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Heart Valve Disease (Structural Heart Disease)

Valvular heart disease refers to any dysfunction or abnormality in one or more of the heart’s valves.

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About Heart Valves

The heart has four valves: the mitral, aortic, tricuspid and pulmonic valves, which function as check valves or gates in the heart to keep blood flowing correctly. The valves have tissue flaps that open and close with each heartbeat, ensuring that blood flows in the right direction through the four chambers of the heart so that it can circulate through your body.

Types of Heart Valve Problems

Three basic kinds of problems can occur with heart valves: regurgitation, stenosis and atresia.

Regurgitation

Regurgitation, or backflow, occurs when a valve does not close tightly. Blood flows back into the chambers rather than flowing forward through the heart or into an artery.

Among Americans, regurgitation in the mitral valve is often due to mitral valve prolapse, which occurs when the flaps of the valve flop or bulge back into an upper heart chamber during a heartbeat. Mitral valve regurgitation, if severe, can result in gradual enlargement of the left ventricular pumping chamber and eventual failure of the heart to pump efficiently. Because of this, the valve should be repaired before irreversible damage occurs.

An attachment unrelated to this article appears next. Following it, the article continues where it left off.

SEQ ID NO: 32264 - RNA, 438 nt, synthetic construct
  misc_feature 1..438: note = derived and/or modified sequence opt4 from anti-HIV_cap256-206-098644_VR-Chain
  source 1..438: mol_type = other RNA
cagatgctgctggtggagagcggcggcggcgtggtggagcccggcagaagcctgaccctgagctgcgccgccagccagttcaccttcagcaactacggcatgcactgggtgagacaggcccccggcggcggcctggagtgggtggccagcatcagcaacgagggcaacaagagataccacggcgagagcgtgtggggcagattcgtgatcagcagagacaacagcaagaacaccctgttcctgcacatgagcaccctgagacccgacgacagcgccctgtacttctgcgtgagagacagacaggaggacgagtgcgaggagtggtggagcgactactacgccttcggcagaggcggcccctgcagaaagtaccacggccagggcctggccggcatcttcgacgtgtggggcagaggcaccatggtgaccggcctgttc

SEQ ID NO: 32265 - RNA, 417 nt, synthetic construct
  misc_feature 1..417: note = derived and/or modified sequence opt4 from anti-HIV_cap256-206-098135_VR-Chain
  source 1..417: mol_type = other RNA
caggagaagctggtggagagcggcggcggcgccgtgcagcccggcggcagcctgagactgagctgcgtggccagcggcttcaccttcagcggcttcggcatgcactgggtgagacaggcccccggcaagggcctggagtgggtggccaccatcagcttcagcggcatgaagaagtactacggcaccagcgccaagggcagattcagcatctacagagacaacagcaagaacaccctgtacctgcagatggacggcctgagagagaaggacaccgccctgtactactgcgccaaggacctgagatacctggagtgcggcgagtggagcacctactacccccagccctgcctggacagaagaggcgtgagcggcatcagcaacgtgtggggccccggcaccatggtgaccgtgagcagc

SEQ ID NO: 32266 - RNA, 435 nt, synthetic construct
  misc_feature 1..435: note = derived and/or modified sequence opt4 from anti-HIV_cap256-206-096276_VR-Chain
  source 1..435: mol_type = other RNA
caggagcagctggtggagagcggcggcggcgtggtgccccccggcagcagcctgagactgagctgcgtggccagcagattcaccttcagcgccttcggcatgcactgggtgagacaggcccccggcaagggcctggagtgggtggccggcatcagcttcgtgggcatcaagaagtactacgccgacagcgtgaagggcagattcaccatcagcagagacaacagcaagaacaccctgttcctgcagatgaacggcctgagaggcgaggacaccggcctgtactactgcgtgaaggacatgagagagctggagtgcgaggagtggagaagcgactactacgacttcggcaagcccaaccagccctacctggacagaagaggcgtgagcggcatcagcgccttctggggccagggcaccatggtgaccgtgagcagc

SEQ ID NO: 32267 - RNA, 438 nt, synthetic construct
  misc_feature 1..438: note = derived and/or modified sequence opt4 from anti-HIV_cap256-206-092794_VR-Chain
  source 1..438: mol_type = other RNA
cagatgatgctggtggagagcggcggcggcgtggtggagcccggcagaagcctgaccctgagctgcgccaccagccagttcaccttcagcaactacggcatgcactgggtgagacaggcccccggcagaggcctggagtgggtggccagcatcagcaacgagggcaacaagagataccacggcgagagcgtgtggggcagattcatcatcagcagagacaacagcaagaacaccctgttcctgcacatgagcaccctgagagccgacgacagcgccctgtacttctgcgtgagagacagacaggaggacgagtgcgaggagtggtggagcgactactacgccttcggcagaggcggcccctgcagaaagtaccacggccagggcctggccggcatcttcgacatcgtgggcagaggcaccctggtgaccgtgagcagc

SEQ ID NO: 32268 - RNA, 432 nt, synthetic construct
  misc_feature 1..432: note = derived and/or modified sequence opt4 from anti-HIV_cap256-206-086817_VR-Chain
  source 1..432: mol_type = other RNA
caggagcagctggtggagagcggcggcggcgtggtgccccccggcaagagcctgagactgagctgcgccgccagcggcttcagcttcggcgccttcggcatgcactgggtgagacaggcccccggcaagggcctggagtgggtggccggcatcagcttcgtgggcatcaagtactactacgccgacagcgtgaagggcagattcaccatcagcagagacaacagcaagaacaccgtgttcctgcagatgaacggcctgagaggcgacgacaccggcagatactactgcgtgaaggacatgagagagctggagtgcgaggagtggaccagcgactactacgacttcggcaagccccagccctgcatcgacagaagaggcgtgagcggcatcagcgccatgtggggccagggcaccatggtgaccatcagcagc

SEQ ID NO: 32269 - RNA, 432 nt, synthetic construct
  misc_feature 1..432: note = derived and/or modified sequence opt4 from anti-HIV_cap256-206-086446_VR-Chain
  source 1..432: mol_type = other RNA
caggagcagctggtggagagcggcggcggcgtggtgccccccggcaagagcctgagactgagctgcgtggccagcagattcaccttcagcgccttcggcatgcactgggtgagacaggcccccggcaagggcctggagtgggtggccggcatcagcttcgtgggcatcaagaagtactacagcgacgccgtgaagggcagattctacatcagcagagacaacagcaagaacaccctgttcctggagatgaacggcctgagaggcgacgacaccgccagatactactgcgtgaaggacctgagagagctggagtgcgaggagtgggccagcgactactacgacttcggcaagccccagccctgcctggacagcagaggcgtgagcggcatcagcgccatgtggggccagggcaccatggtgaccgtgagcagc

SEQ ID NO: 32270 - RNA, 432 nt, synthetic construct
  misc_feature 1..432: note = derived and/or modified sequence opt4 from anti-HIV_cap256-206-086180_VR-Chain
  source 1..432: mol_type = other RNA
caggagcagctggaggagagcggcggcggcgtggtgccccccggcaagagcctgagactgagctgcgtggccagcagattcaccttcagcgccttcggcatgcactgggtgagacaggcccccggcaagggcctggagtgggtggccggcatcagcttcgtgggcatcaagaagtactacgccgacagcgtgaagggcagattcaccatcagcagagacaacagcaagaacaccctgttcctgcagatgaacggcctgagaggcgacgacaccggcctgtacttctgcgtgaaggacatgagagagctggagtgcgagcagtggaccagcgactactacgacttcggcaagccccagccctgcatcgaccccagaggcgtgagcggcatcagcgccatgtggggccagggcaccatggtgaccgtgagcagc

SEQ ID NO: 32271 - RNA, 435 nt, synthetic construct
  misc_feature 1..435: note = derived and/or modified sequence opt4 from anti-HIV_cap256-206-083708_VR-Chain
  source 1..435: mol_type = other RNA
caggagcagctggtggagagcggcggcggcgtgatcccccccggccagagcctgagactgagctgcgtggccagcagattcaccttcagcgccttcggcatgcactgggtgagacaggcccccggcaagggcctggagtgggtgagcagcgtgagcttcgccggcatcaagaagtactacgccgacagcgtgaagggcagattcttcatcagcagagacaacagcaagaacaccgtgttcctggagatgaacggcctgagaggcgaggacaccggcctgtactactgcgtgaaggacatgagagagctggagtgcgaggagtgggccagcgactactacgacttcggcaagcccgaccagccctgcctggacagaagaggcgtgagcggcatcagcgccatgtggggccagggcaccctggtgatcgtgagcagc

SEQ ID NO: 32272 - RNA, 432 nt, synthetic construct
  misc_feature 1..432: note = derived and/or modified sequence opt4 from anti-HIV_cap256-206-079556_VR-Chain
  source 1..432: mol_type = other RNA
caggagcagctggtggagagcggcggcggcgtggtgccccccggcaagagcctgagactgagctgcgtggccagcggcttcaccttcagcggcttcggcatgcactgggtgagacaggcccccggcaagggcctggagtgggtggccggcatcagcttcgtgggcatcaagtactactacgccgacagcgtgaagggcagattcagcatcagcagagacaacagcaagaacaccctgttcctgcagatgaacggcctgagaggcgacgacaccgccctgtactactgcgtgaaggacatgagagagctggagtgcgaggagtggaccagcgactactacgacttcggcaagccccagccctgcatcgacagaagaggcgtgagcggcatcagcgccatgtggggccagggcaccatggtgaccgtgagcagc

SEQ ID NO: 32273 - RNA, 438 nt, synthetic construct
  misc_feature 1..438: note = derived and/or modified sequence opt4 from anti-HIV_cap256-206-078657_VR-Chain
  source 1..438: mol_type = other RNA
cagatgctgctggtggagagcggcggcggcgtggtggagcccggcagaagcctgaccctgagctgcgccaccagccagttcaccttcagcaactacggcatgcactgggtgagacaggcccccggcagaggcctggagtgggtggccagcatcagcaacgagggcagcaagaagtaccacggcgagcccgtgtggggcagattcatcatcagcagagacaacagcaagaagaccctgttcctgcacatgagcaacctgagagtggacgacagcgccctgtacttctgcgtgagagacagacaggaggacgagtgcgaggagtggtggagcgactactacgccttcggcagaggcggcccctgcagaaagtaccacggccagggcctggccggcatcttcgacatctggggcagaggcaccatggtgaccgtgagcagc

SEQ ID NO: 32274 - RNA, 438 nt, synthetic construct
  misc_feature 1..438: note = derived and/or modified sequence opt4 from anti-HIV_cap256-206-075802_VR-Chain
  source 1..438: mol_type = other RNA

The main symptoms of either mitral or aortic regurgitation are shortness of breath on exertion or at rest, and easy fatigability. Aortic regurgitation is caused either by damage to the heart valve, an infection of the aortic valve or enlargement of the aorta.

Stenosis

Stenosis occurs when the flaps of a valve thicken, stiffen or fuse together, preventing the heart valve from fully opening. As a result, blood flow through the valve is restricted. Some valves can have both stenosis and regurgitation problems.

Mitral Stenosis

The symptoms of mitral stenosis are typically progressive shortness of breath with exertion, which takes years to develop. Stenosis of the mitral valve in adults is almost always due to damage caused by an episode of rheumatic fever in childhood, commonly as a result of strep throat. Occasionally, patients with mitral stenosis develop sudden onset of an irregular heart rhythm that is also accompanied by severe shortness of breath.

Aortic Stenosis

Aortic stenosis in adults is usually a slow and progressive degenerative process. Aortic stenosis can result in chest pain on exertion, shortness of breath on exertion or fainting on exertion. In severe cases heart failure can result. Once aortic stenosis causes symptoms, the risk of death over the next few years is high, and the valve should be replaced.

Congenital vs. Acquired Heart Valve Problems

Valve problems may be congenital (present at birth) or acquired (caused by infections, heart attacks, heart disease or other damage).

Congenital Heart Valve Disease

Congenital heart valve disease usually involves pulmonary or aortic valves that don’t form properly. These valves may not have enough tissue flaps, they may be the wrong size or shape or they may have atresia, which occurs when a heart valve lacks an opening for blood to pass through and is a problem primarily in newborn children.

Acquired Heart Valve Disease

Acquired heart valve disease usually involves the mitral or aortic valve. Although the valve may be normal at birth, disease can create problems over time.